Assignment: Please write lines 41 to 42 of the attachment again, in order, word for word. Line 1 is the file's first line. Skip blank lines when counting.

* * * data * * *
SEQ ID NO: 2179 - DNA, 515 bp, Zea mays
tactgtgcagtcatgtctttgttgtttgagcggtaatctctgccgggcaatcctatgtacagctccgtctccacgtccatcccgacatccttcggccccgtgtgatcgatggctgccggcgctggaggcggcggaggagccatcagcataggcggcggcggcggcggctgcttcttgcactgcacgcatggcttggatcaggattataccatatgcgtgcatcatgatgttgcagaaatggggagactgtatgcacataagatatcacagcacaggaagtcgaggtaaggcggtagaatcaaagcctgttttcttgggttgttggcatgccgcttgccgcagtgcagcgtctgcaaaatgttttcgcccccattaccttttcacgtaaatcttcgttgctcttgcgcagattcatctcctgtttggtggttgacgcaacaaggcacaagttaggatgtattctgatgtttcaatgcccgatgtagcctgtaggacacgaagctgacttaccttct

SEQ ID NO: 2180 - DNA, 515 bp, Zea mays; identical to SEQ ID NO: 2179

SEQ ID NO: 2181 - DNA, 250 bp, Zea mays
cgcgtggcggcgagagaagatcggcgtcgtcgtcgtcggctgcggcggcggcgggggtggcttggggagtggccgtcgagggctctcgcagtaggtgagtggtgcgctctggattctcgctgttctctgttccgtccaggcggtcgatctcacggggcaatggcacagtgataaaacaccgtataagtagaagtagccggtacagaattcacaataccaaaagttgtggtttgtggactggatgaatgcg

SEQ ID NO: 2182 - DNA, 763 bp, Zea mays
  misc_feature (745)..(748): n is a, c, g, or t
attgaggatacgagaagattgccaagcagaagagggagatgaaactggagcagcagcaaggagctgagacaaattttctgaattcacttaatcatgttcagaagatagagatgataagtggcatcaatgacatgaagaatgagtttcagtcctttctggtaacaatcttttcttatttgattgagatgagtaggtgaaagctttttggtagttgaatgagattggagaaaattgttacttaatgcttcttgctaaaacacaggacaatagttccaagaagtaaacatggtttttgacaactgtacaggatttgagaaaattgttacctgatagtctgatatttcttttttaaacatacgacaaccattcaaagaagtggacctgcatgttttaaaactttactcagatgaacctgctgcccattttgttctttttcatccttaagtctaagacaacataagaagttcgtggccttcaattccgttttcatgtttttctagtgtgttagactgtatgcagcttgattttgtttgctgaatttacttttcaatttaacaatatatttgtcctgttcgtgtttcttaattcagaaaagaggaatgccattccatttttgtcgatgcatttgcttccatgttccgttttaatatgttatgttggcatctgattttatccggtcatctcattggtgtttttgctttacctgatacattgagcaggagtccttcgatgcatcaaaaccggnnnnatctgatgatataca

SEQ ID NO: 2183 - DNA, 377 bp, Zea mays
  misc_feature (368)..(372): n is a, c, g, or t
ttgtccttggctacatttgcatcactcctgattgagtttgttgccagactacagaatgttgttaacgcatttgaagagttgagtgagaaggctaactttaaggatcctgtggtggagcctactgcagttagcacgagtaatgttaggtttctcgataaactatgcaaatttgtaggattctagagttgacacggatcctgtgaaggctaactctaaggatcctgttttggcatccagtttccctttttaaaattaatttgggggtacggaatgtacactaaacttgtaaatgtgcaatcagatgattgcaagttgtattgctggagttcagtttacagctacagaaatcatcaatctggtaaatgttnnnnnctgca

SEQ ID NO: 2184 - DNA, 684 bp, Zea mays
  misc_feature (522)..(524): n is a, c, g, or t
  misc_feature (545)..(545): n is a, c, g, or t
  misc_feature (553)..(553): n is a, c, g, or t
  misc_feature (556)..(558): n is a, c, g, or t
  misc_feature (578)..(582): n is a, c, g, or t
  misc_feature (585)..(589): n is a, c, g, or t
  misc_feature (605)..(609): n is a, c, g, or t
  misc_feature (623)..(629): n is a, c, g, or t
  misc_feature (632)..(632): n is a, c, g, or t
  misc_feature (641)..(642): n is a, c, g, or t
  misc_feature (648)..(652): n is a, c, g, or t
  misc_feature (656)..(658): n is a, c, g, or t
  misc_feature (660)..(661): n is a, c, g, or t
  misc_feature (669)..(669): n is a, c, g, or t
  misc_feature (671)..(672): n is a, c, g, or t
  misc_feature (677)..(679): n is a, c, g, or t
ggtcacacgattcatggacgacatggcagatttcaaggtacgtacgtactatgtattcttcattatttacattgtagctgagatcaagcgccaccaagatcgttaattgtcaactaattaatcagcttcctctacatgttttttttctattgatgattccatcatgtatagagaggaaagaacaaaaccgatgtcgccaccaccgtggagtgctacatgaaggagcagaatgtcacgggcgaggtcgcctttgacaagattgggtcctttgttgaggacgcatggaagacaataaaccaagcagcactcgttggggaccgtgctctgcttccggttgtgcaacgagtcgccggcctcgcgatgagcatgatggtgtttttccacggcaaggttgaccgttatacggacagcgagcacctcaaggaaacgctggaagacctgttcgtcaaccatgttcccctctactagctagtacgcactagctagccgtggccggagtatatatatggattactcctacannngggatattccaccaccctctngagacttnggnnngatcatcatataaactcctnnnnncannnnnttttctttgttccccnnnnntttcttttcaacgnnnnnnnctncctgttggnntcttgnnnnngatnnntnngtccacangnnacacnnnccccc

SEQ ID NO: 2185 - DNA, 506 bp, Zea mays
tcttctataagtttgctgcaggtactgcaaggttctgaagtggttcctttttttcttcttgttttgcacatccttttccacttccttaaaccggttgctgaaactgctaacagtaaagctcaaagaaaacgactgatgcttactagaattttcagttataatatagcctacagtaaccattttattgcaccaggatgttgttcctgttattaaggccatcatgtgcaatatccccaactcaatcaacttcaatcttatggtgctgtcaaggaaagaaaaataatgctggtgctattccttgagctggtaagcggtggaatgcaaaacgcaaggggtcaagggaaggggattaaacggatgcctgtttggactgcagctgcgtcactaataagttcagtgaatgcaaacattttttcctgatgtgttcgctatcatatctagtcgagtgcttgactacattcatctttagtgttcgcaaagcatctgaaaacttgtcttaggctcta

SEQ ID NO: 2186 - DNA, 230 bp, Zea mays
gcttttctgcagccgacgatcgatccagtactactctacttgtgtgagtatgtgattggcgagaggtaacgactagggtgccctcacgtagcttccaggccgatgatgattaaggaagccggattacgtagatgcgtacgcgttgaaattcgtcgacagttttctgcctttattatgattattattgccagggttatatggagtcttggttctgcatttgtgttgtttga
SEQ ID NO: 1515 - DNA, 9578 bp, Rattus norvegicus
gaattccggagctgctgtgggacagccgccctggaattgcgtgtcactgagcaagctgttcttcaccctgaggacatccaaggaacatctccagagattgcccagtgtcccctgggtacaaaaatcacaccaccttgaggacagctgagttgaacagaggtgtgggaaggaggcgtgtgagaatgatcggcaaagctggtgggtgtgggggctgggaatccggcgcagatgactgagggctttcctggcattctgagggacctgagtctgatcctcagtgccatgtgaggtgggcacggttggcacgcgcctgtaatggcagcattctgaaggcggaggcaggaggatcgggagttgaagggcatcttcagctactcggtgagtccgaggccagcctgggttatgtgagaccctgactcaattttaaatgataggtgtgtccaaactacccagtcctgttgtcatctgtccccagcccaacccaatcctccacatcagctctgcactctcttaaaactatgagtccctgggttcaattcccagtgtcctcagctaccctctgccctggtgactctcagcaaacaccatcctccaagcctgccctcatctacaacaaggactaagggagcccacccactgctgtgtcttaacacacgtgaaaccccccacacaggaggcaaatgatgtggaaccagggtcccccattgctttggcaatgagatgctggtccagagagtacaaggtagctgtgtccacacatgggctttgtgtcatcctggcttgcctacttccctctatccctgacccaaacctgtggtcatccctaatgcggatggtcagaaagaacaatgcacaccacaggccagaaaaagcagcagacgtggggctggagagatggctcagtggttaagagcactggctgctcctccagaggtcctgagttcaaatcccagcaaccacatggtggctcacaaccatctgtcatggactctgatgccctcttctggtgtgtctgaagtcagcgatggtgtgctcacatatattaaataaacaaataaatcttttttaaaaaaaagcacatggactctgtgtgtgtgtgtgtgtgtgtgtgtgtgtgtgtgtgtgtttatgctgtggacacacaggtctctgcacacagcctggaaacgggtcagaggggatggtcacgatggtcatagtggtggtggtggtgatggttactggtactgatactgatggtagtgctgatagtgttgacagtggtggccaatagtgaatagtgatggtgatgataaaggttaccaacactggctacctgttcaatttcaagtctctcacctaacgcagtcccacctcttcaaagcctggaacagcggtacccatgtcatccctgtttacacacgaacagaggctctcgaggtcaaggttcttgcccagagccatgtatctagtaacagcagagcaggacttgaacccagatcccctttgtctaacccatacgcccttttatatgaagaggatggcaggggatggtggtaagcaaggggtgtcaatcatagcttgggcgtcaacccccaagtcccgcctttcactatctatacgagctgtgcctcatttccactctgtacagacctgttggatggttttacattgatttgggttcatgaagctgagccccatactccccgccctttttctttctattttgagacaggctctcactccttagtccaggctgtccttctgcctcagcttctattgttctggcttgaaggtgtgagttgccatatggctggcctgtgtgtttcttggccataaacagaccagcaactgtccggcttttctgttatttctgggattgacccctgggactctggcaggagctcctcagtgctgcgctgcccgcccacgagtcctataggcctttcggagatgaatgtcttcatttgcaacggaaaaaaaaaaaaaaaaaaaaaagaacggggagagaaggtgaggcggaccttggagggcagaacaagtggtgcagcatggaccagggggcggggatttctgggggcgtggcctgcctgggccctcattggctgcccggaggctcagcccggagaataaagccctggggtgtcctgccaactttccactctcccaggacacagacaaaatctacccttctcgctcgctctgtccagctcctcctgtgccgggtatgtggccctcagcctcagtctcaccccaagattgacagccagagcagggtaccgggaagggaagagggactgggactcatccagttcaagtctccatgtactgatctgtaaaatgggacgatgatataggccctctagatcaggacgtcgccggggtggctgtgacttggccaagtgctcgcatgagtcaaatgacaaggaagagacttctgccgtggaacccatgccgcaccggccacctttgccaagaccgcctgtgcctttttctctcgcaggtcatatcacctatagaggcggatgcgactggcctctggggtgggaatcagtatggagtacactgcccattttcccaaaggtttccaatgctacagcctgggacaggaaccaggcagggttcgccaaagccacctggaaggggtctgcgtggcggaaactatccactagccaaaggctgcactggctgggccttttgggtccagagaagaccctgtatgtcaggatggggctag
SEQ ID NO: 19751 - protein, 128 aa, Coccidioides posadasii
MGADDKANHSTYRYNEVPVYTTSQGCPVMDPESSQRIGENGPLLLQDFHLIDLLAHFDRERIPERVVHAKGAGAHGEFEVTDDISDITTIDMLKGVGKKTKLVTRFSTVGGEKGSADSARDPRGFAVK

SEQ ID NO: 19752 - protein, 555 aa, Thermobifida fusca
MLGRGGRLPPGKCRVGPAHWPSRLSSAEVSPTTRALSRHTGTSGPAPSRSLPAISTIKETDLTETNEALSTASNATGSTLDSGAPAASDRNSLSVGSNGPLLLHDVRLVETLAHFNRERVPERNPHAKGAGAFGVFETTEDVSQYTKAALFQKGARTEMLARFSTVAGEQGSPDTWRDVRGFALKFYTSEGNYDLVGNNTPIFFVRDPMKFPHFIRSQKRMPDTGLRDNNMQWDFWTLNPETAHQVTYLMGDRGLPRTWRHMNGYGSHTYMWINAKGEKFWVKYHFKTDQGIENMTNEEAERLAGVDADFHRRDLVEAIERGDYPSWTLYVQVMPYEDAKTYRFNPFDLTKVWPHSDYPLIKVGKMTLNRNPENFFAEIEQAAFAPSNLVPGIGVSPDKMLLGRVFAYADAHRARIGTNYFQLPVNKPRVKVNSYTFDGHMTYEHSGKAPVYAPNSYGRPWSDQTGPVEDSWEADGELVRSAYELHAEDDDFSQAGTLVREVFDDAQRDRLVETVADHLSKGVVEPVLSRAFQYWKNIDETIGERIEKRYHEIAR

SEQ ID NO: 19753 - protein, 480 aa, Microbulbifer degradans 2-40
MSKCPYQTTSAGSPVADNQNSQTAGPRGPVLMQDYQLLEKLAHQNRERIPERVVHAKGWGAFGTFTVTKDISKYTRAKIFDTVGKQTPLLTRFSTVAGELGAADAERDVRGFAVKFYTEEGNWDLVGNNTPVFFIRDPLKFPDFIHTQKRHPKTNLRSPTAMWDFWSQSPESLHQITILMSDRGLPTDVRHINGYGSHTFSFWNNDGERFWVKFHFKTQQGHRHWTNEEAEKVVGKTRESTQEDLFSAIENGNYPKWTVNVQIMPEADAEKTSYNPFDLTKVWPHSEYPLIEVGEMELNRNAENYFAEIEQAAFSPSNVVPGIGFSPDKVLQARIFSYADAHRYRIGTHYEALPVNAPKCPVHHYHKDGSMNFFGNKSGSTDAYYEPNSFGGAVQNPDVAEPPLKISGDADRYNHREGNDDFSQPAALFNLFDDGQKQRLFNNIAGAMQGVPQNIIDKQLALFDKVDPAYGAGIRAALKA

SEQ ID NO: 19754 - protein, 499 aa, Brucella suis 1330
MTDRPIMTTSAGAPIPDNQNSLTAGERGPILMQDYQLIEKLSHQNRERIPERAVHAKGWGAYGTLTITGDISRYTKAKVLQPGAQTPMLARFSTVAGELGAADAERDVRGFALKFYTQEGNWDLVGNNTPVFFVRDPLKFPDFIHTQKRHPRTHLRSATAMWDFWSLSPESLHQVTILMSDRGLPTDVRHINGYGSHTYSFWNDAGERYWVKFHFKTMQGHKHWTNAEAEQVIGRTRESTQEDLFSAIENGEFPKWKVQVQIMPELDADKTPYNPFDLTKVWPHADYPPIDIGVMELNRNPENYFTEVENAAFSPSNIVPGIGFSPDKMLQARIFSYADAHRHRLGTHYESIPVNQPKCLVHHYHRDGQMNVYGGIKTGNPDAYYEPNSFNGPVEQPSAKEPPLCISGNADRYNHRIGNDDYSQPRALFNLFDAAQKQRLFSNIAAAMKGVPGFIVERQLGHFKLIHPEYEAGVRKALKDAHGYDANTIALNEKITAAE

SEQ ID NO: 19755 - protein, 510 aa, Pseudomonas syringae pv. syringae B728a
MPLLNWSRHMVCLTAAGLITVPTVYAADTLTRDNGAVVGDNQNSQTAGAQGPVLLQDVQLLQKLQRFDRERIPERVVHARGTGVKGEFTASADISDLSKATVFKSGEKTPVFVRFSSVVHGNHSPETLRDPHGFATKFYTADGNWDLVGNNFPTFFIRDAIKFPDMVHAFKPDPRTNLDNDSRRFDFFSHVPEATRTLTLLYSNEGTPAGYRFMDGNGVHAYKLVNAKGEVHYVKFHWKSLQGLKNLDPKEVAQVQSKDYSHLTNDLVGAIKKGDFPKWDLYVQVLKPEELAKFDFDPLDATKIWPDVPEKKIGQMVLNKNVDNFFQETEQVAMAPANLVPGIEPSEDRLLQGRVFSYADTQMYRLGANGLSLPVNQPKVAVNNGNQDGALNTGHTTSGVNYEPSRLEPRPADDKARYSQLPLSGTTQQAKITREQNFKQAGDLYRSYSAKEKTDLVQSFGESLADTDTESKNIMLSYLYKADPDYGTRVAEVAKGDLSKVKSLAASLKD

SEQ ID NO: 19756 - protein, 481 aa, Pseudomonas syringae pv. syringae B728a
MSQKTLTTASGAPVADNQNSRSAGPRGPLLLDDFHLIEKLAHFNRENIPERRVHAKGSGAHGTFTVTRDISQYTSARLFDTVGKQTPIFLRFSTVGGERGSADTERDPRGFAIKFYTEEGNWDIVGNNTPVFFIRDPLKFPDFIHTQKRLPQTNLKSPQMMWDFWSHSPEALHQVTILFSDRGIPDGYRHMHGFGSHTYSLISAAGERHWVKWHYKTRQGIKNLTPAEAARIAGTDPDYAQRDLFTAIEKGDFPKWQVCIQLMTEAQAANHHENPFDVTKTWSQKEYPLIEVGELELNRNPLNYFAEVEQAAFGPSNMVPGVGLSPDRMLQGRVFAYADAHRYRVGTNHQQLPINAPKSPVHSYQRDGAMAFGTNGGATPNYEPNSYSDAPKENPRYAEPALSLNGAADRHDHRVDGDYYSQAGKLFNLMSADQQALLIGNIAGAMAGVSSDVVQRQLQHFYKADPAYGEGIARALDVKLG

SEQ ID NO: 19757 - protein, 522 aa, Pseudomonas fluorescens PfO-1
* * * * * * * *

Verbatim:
MSKCPYQTTSAGSPVADNQNSQTAGPRGPVLMQDYQLLEKLAHQNRERIPERVVHAKGWGAFGTFTVTKDISKYTRAKIFDTVGKQTPLLTRFSTVAGELGAADAERDVRGFAVKFYTEEGNWDLVGNNTPVFFIRDPLKFPDFIHTQKRHPKTNLRSPTAMWDFWSQSPESLHQITILMSDRGLPTDVRHINGYGSHTFSFWNNDGERFWVKFHFKTQQGHRHWTNEEAEKVVGKTRESTQEDLFSAIENGNYPKWTVNVQIMPEADAEKTSYNPFDLTKVWPHSEYPLIEVGEMELNRNAENYFAEIEQAAFSPSNVVPGIGFSPDKVLQARIFSYADAHRYRIGTHYEALPVNAPKCPVHHYHKDGSMNFFGNKSGSTDAYYEPNSFGGAVQNPDVAEPPLKISGDADRYNHREGNDDFSQPAALFNLFDDGQKQRLFNNIAGAMQGVPQNIIDKQLALFDKVDPAYGAGIRAALKA

SEQ ID NO: 19754 - protein, 499 aa, Brucella suis 1330